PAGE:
Interview with DeEtta Barnhardt, LCSW, LICSW on Pediatric and Medical Social Work

About DeEtta Barnhardt, LCSW, LICSW: DeEtta Barnhardt is a licensed clinical social worker at Lucile Packard Children’s Hospital Stanford (LPCHS), where she supports pediatric patients and their families in the medical-surgical units. Prior to joining Lucile Packard Children’s Hospital in 2008, Ms. Barnhardt worked as an Outpatient Social Worker at Gillette Children’s Specialty Healthcare, and as an On-Call Social Worker at Children’s Hospital Minneapolis.

Ms. Barnhardt has earned numerous awards and recognitions for her dedication to helping patients and their families. She has been presented with three rose awards at Lucile Packard Children’s Hospital Stanford, as well the PCARES Gold R.O.S.E (Recognition of Service Excellence) award which is an annual, organization-wide recognition of employees from each division exemplifying extraordinary internal/external service in 2013. She received this award in recognition for her work with a very challenging family over the course of a hospitalization of a child for over 500 days.

Ms. Barnhardt earned her Bachelor’s of Social Work in 1998 from the University of Mary in Bismarck, North Dakota. After earning her BSW she moved to Minneapolis, Minnesota and worked for three years with developmentally disabled adults, after which she returned to school to earn her Master’s of Social Work, which she received from the University of Minnesota, Twin Cities in 2002. She is licensed to practice clinical social work in Minnesota (as a LICSW) and California (as a LCSW). DeEtta Barnhardt was compensated to participate in this interview.

[] Could you please describe your current role as a Licensed Clinical Social Worker at Lucile Packard Children’s Hospital? What types of clients do you work with, and what kinds of challenges do they face? How do you support them and help them manage these challenges?

[DeEtta Barnhardt, LCSW, LICSW] I am a Clinical Social Worker at LPCHS. Our department is divided into 6 pods. I am a part of the CVICU/PICU/Medical-Surgical Pod. My primary focus is on the medical-surgical units. At LPCHS the social worker follows the patient and family throughout the hospitalization. Therefore, should the patient move to the PICU, I follow them on that unit and if they move from the PICU to the med-surg floor, I continue to work with them as their social worker. Since LPCHS is a teaching hospital, the medical teams change weekly which can be difficult for patients and families. As a social worker, I remain consistent in the lives of the patient and family which is often very important to them. If a patient discharges from the hospital and is readmitted to the hospital, I will again follow them throughout their hospitalization.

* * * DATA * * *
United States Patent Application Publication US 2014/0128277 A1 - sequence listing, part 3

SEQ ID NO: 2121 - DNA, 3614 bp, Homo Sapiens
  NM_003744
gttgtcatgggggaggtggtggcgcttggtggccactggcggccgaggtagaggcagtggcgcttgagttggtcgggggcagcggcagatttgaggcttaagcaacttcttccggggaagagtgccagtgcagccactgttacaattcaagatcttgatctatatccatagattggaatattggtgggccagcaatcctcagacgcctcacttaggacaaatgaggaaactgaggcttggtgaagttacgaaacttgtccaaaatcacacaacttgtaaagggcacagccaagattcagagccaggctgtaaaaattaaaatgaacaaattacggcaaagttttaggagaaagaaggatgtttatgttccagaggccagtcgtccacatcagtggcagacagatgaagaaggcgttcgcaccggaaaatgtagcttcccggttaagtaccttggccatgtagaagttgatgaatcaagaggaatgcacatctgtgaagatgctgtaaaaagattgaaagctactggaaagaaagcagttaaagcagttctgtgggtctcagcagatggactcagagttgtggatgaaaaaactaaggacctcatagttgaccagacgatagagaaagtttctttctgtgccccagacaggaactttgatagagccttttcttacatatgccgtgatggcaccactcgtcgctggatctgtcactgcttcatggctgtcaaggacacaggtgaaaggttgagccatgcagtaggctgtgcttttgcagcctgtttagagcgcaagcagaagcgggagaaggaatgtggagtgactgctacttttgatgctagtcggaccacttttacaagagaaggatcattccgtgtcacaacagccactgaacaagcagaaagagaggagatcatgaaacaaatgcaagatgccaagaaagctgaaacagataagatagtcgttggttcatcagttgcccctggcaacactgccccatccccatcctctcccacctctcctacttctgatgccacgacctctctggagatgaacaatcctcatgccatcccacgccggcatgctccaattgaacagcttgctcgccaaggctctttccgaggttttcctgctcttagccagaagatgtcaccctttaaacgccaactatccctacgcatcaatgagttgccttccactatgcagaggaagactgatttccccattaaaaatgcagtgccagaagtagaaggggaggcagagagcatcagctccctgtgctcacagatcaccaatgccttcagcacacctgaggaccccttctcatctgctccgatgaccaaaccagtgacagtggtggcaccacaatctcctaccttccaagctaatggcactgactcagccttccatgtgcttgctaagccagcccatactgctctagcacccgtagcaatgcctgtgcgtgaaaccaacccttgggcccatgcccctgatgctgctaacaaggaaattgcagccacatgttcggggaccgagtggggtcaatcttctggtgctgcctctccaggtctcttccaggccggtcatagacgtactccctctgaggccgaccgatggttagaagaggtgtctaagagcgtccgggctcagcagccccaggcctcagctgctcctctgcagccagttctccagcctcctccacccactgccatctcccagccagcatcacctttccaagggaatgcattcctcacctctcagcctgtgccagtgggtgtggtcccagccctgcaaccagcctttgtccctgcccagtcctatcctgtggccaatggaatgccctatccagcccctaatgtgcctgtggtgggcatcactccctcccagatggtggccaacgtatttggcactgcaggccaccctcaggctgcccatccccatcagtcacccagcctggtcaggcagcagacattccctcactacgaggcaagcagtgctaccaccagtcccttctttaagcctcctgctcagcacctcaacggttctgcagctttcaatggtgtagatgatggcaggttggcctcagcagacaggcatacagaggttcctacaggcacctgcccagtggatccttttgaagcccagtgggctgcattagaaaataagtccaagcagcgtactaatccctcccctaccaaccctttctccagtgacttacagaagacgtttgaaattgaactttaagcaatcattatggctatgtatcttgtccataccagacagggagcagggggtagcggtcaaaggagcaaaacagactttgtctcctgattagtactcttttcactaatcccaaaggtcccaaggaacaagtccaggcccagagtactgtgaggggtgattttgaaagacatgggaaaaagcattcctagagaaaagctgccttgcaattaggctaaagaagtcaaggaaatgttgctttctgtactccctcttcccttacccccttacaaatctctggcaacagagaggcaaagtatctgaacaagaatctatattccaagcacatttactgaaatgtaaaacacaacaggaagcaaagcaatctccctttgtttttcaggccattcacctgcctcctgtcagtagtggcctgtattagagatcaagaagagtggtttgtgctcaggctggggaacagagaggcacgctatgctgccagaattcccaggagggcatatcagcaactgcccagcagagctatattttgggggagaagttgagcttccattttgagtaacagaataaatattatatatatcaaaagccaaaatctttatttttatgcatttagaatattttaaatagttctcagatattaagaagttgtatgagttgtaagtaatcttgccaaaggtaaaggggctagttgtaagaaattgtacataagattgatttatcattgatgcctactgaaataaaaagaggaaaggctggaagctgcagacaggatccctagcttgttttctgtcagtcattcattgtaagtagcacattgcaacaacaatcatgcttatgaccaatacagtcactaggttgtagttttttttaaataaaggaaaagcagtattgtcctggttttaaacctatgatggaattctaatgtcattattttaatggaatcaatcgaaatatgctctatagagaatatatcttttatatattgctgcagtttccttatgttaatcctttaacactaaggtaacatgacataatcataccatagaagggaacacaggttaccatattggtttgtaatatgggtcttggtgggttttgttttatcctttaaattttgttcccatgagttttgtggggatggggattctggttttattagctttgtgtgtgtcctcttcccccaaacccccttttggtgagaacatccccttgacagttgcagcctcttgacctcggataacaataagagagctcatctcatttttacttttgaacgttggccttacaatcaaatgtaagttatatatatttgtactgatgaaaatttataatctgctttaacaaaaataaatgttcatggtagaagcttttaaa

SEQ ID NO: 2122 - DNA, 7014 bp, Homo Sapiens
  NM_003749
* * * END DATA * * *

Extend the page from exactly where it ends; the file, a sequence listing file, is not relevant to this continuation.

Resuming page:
My patients are all ages. I see them as young as 2 weeks of age if they are not sick enough for the Neonatal Intensive Care Unit all the way up to 24 years of age. Transitioning young adults to adult care can be very difficult. The patient and family at times are resistant but other times, there is no adult provider available to accept the patient under their care. I am hoping to be more involved in developing standards for transition to adult care at LPCHS. My patients have a wide range of conditions from a general appendectomy or tonsillectomy to mitochondrial disorders and genetic disorders. I follow all services except oncology (I do follow initially if the patient has not received a diagnosis and transition the patient to an oncology social worker once diagnosis is confirmed), cardiology, cystic fibrosis (I do cover CF when the social worker is out of the office), and transplant patients (again – I may initially follow the patient until they have been listed for transplant).

There are many challenges in working with so many populations of patients. Medically, the patients may not receive a diagnosis. This is difficult for patients and families because there is not a specific treatment plan or prognosis. They live with great uncertainty. There is also the knowledge for some that their child has a poor prognosis and a shortened life span. Some patients have such complicated medical needs, that there are numerous specialists working with them so it is highly important that medical teams are communicating and working together on the best treatment plan for that individual patient.

Emotionally, patients and parents are often dealing with the unknown and the ongoing need to maintain hope. They are often confused by medical terminology and differing opinions on treatment plans. Sometimes parents don’t want the patient to know what diagnosis they have, to protect them, which can be difficult for the medical team to support. Other times parents tell their children too much information, causing anxiety and fear in the patient. It is difficult at times for the parents to find a middle ground, and of course if the diagnosis is terminal or life limiting–the patient and families are grieving, each in their own way.